Seismic hazard in the San Fernando basin, Los Angeles, California: A site effects study using weak-motion and strong-motion data

Jamison H. Steidl, Luis F. Bonilla, & Alexei G. Tumarkin

Published 1995, SCEC Contribution #260

During the months that followed the 17 January 1994 M6.7 Northridge, California earthquake, portable digital seismic stations were deployed in the San Fernando, Los Angeles metropolitan region to recover aftershock data. One of the goals of this deployment was to examine the seismic hazard in this urban environment by way of site-specific amplification factors. We calculate amplification at 17 sites using a variety of the “standard” techniques and compare the results. We compare site response estimates which use the two horizontal components of ground motion as a complex signal with estimates which use only a single component or the geometrical mean of the site response estimate from each component. We compare whole record estimates of the site response with estimates which window the s-wave and coda-wave portions of the data. We also compare horizontal coda-wave with vertical coda-wave site response estimates. We find that the vertical coda-wave site response estimates tend to give larger amplification factors than horizontal coda-wave estimates. We also find that the vertical and horizontal coda-wave estimates produce larger amplification factors by 2.0 and 1.6 respectively when compared to the horizontal s-wave estimates.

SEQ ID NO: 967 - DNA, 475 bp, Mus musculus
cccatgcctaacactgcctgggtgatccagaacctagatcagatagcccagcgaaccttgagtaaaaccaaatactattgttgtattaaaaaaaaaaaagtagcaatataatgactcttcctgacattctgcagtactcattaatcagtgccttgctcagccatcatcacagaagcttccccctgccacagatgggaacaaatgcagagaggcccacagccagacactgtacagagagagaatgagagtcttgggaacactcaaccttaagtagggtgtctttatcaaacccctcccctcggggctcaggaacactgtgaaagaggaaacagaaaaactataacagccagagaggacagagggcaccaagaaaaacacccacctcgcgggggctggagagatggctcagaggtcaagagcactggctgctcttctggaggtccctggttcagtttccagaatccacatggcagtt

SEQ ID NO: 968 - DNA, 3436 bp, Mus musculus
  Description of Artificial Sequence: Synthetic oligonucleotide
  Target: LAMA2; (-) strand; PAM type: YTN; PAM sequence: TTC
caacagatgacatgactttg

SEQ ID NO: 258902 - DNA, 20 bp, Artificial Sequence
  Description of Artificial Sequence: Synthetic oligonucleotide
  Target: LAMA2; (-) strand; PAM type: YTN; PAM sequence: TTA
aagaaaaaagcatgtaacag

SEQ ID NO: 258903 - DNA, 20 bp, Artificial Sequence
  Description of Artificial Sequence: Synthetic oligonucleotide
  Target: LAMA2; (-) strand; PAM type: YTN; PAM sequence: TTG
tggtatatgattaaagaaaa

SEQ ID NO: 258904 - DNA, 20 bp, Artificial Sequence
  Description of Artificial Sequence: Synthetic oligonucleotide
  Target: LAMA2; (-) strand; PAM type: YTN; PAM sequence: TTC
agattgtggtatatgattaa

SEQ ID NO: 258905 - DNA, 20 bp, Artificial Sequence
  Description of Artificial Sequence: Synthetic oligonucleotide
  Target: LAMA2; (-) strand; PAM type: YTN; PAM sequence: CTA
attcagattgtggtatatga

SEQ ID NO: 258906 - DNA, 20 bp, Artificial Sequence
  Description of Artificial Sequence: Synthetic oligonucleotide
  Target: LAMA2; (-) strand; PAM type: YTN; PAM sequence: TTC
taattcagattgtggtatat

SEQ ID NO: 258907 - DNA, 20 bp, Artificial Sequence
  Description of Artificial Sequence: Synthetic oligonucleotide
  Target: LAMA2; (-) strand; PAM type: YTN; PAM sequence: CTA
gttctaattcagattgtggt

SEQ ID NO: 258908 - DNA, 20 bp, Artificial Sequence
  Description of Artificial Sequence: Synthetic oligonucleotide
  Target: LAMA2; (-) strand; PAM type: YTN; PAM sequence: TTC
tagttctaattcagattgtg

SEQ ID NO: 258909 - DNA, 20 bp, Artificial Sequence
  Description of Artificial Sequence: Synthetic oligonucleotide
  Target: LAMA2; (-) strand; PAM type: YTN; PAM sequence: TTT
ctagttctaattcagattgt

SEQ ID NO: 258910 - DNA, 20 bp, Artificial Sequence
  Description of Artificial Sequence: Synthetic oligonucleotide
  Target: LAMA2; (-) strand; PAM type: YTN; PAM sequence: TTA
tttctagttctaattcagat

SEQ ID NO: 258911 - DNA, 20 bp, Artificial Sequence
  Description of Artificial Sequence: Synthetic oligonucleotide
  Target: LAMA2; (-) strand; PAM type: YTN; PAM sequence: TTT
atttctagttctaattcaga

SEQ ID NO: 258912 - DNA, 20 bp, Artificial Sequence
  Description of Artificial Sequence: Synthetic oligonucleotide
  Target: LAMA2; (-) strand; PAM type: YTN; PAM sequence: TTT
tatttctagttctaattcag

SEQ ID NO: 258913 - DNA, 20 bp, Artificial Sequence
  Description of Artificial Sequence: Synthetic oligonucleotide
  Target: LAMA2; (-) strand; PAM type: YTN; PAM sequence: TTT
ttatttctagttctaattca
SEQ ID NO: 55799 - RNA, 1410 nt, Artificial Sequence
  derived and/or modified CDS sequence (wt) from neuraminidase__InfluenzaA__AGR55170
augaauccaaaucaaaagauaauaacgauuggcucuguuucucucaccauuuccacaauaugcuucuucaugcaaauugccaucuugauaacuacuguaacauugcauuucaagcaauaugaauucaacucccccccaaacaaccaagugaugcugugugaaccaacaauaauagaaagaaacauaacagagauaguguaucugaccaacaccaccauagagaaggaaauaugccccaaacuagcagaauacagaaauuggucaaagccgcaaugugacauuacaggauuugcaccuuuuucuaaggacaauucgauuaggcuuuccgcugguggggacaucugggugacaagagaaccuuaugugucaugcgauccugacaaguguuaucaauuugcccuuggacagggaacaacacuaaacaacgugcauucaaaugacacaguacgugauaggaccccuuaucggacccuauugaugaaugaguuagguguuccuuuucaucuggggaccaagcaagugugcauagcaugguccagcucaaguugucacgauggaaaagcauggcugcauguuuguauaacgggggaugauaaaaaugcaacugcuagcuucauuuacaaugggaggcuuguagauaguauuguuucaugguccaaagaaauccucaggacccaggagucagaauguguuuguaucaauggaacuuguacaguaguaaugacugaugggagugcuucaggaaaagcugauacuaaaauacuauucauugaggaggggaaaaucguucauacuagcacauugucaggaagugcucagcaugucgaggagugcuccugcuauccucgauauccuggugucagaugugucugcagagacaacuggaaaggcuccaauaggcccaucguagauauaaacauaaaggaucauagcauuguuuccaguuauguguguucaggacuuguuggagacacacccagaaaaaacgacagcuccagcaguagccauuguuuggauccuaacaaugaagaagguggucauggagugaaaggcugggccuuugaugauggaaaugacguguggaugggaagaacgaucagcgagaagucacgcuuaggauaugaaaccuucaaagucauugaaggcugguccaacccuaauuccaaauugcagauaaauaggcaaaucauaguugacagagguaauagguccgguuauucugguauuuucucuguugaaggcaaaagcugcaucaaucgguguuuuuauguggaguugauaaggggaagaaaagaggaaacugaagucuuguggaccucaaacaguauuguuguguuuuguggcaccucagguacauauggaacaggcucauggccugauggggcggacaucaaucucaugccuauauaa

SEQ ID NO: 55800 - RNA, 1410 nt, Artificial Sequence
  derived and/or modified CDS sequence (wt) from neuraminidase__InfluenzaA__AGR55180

Citation
Steidl, J. H., Bonilla, L. F., & Tumarkin, A. G. (1995). Seismic hazard in the San Fernando basin, Los Angeles, California: A site effects study using weak-motion and strong-motion data. Poster Presentation at Fifth International Conference on Seismic Zonation.